Benedetta is the sinful film of 2021 directed by Paul Verhoevena shocking and daring tale that originates from Judith C. Brown’s essay Impure Acts – Life of a Lesbian Nun in Renaissance Italy.
It is a reconstruction inspired by the life of Benedetta Carlinia seventeenth-century nun who upsets the balance of the convent of Pesciain Tuscany.
Sex and religion
Since childhood Benedetta (Virginie Efira) is animated by a fervent religious faith that leads her to be part of a monastery, where she is taught right away that suffering is the way God manifests.
She is devoted and obedient until the arrival of a new adept named Bartolomea (Daphne Patakia), a young peasant woman, upsets her, transporting her to the murky discovery of carnal love, of sexual pleasure.
Thus begins a sapphic love between the two that destabilizes Benedetta, disputed between the erotic visions of a Jesus-boyfriend and the tangible impulses towards a woman.
However, what makes the protagonist ambiguous and controversial is the mystical force that pushes her to do the alleged miracles.
The appearance of the stigmata is proof of her holiness, Benedetta is promoted to abbess and the convent becomes the center of a political and religious event, between incredulous people and other devotees.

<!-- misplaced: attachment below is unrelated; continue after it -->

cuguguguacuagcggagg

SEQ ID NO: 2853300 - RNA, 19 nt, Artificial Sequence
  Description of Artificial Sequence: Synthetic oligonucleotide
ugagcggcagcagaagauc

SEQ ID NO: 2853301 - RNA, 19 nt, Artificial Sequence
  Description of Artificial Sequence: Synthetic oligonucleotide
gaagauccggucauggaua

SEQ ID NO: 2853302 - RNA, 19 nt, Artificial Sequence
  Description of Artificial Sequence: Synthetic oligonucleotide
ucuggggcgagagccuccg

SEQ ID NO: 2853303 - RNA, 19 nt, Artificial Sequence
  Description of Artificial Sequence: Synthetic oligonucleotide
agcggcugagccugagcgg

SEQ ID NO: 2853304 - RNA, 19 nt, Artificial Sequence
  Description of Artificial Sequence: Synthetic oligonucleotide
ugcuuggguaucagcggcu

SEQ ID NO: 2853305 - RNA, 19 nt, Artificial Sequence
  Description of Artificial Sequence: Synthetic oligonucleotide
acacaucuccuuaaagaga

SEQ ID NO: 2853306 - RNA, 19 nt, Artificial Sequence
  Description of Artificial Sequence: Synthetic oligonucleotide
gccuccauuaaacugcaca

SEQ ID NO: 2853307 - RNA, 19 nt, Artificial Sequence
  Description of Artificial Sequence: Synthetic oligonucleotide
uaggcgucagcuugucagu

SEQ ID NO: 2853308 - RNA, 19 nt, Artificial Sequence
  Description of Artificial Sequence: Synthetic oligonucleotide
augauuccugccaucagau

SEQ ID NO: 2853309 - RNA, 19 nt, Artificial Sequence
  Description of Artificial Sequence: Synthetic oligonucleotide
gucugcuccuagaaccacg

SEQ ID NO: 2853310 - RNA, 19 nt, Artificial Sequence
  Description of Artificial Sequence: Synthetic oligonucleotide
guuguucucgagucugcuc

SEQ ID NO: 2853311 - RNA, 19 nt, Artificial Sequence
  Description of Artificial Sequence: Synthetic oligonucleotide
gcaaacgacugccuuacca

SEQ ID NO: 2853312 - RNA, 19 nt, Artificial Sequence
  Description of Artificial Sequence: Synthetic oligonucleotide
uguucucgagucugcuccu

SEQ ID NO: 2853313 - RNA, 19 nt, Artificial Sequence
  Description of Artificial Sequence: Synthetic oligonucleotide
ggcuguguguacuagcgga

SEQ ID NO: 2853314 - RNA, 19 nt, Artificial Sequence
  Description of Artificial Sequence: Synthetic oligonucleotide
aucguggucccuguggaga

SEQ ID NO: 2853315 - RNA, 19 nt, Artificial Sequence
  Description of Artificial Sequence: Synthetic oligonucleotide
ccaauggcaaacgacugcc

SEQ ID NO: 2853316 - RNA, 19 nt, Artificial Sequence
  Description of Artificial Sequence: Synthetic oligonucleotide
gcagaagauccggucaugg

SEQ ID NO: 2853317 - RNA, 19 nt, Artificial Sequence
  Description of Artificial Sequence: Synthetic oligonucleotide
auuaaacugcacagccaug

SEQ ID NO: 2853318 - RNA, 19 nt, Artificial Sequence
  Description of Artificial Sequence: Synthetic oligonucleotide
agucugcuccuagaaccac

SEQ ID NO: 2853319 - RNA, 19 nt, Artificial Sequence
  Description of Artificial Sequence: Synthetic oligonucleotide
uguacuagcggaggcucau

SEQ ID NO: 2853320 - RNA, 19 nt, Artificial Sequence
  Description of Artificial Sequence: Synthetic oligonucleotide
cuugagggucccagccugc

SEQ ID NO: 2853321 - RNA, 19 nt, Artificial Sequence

But the rumors of sacrilegious sins and suspicions of witchcraft begin to circulate and Benedetta is placed in front of a renewed personal awareness, aimed at plumbing the roots of her faith and her obedience to the Church.
Particularly shocking is an instrument in the film: a statuette depicting the Madonna that is worked in the lower part (by Bartolomea) to make a vibrator, thus able to give pleasure to his beloved.
It is a provocative act by the director, who is dedicated to stories of sex and nudity (which is also imbued with his famous Basic instinct), stages blasphemy.
A blasphemy although it has always existed, reported in numerous studies and researches, which, however, is scandalous when seen up close.
Matters of power
In the religious logic of this era everything is based on sacrificewhich leads to holiness and therefore to power.
What the most ambitious nuns yearn for is a prominent position within the convent, in this way the suffering of a life dedicated to the love of an immaterial god can be alleviated by the comforts and decision-making power over others.
In this style exercise that mixes different film genres (horror, comedy, drama), Verhoeven shows all his skepticism for a past reality, centered on religion.
And carefully examines existences, inevitably influenced and influenced by the sacred.
The film revolves around the devotionexperienced in an all-encompassing way by people and therefore capable of shaping their thoughts and actions.
Benedetta’s amorality is almost unbearable: transgressive, lustful and dominating.
As the film continues, however, a form of redemption can be found in the uncontrolled attitude of the protagonist.
In a society where deprivation and suffering are the cornerstones, body pleasure is a sin and the supremacy resides in religion, then perhaps Benedetta is only trying to subvert an established order to find the meaning of the gift of life.
Going further becomes a means of knowing beyond doctrinal conventions.
But throughout the story the central question remains open: was Benedetta a manipulative mythomaniac or a prophetess?
It is the viewer who decides.